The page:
This was the only article I could find online where the people knew what they were talking about – again thank you for your professional insight.

    Revisions below:

    I am so glad I found this article. As the step daughter of a WWII Navy fighter pilot who was a “hotdog” in the air I am deeply saddened that our country has come to this. I feel like the grinch stole Christmas, someone took my Halloween candy and a big bully sucker punched me.

    So far I have lost the majority of my retirement, my home and gratefully work at a job in an industry where the majority of my colleagues have become obsolete. While I have no health insurance and am able to only work “part-time” – I’m truly one of the lucky ones. Like all of us I am making sacrifices happily and willing to make more. And like so many Americans who are in the “trenches” with me – I thank God I live here and do my best not to whine.

    But no air show? I sat down and cried.

    I admire the many comments where (I assume) pilots are so willing to give up the air shows and solider through.

    It may all be macho fun stuff that really isn’t necessary. But when I’m in Pensacola watching the blue angels careen through the sky I can hardly contain my pride for this land.

    I am not a political person – but it’s even clear to me… This is some sort of grandstanding that is meant to cause pain to the “little people”.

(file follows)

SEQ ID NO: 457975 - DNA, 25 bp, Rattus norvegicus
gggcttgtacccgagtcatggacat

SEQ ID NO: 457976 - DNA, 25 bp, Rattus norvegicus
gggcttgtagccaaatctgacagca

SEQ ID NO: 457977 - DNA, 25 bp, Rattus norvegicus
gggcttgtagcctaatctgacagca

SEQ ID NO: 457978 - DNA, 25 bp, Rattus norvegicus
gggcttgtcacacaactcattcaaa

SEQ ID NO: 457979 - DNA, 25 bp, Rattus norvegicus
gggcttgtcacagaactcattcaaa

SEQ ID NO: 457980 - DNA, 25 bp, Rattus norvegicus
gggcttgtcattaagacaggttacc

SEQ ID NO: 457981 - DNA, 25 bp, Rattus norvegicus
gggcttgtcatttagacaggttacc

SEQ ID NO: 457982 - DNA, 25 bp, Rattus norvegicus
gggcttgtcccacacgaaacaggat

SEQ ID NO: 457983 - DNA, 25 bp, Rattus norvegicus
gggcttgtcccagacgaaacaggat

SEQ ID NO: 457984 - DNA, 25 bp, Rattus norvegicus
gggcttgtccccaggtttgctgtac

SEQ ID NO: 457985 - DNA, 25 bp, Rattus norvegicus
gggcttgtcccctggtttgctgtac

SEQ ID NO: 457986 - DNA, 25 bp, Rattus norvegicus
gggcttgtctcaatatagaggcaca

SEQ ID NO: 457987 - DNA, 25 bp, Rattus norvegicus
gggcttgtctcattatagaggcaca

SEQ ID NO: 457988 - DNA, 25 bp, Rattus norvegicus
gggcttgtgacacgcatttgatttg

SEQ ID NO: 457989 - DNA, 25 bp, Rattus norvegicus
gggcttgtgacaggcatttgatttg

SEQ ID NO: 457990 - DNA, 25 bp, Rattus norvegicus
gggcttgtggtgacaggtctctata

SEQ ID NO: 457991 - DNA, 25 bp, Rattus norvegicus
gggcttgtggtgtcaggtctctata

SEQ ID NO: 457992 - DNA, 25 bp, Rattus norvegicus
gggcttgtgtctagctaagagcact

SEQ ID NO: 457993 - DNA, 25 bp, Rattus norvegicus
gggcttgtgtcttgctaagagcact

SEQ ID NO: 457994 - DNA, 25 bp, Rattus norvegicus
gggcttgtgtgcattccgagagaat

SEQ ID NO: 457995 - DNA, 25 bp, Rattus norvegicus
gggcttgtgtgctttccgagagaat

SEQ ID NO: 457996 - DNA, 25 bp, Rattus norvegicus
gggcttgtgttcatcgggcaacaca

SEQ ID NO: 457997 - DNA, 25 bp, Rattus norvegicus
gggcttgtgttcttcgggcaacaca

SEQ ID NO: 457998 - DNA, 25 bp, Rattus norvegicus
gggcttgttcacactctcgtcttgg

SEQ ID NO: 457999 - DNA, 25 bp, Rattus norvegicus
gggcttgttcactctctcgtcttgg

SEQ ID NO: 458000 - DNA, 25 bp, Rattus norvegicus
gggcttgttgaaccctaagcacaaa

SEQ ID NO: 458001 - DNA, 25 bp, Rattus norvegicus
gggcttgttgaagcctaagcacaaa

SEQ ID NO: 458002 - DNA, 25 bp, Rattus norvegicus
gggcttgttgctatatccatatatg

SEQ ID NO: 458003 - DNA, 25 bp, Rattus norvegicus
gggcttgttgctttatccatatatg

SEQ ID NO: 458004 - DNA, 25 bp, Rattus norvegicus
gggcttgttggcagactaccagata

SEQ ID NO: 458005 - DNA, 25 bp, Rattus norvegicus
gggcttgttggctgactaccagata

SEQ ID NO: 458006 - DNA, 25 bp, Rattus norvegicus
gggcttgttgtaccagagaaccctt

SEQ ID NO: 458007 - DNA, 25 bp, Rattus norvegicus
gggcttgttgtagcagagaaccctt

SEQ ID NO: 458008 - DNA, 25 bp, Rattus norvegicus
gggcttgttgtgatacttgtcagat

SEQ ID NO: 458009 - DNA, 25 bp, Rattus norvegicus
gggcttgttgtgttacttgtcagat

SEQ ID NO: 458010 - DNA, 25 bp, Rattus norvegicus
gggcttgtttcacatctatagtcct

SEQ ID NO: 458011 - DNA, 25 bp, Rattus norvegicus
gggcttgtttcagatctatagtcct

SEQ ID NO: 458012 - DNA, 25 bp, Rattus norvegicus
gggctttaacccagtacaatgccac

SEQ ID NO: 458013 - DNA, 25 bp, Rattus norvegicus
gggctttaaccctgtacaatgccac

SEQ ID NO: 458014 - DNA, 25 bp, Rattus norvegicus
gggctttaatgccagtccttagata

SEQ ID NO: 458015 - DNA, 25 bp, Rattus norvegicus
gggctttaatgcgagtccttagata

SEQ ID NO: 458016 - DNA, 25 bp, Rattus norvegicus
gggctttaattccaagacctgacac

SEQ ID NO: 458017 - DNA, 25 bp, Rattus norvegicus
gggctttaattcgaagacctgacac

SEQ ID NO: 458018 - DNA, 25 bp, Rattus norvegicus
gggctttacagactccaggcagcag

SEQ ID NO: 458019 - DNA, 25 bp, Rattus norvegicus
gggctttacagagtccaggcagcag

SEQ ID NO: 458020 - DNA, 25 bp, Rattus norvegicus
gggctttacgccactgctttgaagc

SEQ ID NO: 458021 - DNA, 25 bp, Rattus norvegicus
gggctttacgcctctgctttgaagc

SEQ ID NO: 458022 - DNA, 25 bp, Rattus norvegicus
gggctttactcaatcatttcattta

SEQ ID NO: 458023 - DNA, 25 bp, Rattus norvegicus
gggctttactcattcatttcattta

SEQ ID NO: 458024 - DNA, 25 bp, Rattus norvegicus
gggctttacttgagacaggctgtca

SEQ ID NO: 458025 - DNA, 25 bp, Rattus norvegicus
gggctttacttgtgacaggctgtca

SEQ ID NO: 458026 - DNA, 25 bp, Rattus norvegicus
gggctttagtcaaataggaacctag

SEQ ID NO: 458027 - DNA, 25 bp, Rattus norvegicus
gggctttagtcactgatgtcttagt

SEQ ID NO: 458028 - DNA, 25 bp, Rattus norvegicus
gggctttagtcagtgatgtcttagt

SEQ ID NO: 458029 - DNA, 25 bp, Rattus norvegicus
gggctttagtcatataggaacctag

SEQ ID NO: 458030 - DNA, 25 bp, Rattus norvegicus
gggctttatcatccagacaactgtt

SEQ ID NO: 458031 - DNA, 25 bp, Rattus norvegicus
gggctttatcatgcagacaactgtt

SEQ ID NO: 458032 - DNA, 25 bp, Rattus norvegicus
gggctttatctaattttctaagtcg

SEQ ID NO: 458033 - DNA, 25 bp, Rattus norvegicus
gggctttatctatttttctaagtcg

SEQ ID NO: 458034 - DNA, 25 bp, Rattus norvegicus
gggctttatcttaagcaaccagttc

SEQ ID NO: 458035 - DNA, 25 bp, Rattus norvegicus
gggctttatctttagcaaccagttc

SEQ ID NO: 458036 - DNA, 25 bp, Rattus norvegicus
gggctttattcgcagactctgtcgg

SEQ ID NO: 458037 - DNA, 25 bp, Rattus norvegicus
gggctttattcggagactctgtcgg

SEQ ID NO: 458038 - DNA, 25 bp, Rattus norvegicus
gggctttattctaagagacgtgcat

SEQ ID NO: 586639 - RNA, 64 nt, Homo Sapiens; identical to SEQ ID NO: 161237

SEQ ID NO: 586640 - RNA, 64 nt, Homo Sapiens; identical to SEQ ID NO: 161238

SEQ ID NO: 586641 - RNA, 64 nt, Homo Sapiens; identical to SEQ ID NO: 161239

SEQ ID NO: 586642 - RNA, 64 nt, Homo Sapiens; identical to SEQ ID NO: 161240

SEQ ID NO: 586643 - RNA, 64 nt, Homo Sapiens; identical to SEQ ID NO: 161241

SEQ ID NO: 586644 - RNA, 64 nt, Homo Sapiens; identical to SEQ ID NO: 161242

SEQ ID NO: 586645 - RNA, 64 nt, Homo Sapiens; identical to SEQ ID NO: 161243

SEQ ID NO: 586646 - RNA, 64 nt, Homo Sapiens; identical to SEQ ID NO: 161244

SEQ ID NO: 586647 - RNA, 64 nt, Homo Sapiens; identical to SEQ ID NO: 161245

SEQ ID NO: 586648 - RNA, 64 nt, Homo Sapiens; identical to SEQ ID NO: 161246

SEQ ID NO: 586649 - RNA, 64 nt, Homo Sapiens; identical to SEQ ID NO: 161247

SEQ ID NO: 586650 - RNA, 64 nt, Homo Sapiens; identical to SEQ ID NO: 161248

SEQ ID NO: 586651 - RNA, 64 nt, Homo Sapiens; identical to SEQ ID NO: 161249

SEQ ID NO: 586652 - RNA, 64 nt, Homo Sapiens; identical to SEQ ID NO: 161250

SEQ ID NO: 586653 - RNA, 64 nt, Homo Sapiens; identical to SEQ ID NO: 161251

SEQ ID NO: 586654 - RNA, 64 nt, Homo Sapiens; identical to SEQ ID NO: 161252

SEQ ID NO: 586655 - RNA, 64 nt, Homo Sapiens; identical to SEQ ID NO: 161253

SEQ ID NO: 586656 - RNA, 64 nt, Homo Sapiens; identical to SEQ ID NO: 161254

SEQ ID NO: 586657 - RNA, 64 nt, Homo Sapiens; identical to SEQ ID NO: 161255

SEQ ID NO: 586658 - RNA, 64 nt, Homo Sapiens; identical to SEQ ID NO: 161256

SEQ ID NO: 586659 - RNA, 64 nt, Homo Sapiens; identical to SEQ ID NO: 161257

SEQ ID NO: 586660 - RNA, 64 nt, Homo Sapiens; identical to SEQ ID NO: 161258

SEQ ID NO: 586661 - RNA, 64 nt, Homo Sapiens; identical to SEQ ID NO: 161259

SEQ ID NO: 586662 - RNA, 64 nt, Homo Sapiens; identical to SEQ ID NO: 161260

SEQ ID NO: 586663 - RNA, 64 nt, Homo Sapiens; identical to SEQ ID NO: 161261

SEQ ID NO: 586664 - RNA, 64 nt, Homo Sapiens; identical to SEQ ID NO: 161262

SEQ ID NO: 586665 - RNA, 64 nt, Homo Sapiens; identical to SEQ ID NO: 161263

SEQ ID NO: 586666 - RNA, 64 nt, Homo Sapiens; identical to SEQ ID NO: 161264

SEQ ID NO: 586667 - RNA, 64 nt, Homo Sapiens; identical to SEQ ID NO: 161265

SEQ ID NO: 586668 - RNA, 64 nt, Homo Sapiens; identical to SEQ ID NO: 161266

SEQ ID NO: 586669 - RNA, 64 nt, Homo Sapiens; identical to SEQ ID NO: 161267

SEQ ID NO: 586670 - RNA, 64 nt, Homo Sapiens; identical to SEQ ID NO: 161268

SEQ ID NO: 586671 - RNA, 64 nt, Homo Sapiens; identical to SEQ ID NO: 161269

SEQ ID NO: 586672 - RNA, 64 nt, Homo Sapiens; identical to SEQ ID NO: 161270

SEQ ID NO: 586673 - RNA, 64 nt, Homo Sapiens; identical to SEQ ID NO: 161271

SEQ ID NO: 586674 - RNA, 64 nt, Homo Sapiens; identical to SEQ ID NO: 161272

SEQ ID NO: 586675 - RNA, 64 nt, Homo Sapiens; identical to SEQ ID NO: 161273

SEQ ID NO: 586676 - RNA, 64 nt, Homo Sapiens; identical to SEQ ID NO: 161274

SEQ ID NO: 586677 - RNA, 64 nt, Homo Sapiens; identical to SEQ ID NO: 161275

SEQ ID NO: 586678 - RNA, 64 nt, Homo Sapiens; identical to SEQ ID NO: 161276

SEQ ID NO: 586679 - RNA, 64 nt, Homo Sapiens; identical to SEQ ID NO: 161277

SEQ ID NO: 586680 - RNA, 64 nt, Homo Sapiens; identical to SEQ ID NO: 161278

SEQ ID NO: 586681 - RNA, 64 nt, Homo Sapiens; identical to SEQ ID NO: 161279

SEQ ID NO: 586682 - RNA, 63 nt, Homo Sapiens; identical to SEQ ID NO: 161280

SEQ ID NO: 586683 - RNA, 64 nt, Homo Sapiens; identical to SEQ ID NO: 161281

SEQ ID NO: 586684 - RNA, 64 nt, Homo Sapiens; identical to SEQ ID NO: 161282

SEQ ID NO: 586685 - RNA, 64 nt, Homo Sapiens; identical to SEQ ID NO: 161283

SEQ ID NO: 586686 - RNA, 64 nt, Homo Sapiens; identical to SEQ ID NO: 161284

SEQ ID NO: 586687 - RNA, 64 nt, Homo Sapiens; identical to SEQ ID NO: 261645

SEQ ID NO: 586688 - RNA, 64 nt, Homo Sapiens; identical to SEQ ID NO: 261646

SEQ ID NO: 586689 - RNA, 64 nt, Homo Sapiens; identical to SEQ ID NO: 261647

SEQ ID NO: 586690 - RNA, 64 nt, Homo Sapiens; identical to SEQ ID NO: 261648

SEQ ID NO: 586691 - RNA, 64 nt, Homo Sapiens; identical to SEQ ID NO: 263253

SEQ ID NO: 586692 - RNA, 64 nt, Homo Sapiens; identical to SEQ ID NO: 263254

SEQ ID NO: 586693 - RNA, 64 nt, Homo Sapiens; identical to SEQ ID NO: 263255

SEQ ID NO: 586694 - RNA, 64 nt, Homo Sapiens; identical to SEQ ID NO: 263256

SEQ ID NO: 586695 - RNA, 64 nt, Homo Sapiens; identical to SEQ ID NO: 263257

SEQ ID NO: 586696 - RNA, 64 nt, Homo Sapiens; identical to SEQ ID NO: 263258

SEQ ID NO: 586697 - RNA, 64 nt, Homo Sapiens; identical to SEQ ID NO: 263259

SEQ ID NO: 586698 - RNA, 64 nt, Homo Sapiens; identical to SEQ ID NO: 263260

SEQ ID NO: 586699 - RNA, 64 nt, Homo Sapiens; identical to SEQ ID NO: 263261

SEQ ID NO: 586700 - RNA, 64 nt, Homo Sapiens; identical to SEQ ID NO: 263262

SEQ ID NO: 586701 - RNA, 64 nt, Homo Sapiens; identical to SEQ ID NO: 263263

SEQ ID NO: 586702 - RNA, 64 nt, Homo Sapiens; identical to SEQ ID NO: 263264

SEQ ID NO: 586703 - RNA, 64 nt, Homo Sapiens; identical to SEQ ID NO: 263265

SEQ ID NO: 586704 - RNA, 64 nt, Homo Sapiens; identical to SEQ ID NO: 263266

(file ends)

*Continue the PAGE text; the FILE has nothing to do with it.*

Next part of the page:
There appear to be no statesmen left in Washington – at the least let us gather as a people and look up to the skies together.

    My plea to you insider’s: PLEASE don’t let the government take away the “people’s” air show – it’s so much more than planes flying overhead.

    Consider what you represent – the USA at it’s best. The air show industry and military needs to not only think of themselves.

    Remember “us”.

    The Blue Angels and Thunderbirds give civilians, military families and smaller communities across the US hope.

    You inspire us. You give us dreams. You make us proud. You fly.

    You may be “the people’s” only visible “hero’s” in an increasingly fear based climate.

    There appear to be no statesmen left in Washington – at the least let us gather as a people and look up to the skies together.